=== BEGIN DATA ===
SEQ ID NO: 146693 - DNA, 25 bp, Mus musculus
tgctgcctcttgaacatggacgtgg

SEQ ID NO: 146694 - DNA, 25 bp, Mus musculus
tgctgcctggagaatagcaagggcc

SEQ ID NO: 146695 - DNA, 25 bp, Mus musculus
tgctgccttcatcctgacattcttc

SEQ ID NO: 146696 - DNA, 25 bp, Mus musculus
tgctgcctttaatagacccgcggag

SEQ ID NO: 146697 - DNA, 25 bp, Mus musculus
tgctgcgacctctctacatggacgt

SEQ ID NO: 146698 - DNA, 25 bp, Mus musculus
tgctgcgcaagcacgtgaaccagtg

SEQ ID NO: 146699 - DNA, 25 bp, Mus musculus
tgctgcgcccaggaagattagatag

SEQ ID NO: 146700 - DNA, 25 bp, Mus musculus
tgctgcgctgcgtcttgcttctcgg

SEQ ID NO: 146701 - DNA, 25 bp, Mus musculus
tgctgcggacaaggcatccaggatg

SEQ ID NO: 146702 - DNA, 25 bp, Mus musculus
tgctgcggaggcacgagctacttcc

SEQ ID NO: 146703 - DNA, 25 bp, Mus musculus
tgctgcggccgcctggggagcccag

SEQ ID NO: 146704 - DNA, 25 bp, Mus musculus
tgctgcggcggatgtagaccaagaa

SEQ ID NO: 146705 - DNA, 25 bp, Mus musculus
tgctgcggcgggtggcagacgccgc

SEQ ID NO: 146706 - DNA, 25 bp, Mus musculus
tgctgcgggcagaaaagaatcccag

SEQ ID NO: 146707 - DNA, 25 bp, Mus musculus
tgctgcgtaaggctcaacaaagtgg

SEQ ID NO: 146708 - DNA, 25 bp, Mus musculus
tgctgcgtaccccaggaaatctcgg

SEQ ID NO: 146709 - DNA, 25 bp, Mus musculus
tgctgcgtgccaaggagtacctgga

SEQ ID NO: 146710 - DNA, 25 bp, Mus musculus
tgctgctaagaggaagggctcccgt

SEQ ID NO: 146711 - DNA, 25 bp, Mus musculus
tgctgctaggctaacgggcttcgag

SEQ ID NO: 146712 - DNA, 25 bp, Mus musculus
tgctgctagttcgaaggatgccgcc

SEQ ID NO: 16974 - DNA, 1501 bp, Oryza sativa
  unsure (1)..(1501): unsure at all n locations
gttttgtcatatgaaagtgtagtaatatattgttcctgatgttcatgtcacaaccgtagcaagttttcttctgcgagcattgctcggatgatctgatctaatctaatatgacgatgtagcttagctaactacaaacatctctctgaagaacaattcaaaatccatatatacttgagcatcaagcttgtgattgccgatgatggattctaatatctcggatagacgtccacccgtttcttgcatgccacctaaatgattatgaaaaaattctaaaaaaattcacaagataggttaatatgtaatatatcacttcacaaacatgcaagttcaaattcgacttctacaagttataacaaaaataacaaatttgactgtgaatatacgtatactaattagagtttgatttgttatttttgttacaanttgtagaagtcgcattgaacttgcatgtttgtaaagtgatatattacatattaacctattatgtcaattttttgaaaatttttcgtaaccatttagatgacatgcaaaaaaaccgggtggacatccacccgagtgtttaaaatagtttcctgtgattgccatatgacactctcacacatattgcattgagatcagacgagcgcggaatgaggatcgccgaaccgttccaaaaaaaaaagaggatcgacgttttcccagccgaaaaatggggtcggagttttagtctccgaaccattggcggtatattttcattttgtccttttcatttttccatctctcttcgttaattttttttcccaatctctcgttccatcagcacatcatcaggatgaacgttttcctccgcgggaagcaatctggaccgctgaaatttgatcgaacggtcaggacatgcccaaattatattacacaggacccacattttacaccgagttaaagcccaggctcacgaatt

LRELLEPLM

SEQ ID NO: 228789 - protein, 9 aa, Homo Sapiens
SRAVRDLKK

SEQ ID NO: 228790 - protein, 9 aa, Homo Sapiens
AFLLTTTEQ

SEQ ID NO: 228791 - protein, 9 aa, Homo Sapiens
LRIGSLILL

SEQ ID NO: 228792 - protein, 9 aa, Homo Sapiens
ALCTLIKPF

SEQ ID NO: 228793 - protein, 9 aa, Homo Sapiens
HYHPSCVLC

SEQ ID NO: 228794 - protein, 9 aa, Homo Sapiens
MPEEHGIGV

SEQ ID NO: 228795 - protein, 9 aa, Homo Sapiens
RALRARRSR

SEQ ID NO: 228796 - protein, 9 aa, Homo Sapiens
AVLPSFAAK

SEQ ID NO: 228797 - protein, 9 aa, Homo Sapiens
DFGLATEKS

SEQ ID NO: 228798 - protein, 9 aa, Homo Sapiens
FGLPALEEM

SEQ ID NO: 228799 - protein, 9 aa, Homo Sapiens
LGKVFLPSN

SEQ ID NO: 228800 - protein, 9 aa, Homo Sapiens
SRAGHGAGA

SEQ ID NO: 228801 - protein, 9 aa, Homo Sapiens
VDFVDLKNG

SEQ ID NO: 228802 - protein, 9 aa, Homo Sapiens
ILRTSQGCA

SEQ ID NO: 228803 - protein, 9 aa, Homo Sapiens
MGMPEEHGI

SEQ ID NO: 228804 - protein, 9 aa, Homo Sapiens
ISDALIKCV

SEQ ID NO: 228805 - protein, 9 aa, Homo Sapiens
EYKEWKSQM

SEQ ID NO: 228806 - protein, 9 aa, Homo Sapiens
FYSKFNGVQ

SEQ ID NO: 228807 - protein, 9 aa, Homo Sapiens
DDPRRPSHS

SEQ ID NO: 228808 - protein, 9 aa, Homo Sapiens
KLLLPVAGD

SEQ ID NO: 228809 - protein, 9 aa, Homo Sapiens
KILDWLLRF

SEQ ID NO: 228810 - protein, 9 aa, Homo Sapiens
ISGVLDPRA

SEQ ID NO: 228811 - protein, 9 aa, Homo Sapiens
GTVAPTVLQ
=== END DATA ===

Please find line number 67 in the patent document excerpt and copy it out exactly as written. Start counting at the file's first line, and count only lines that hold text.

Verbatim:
SEQ ID NO: 228800 - protein, 9 aa, Homo Sapiens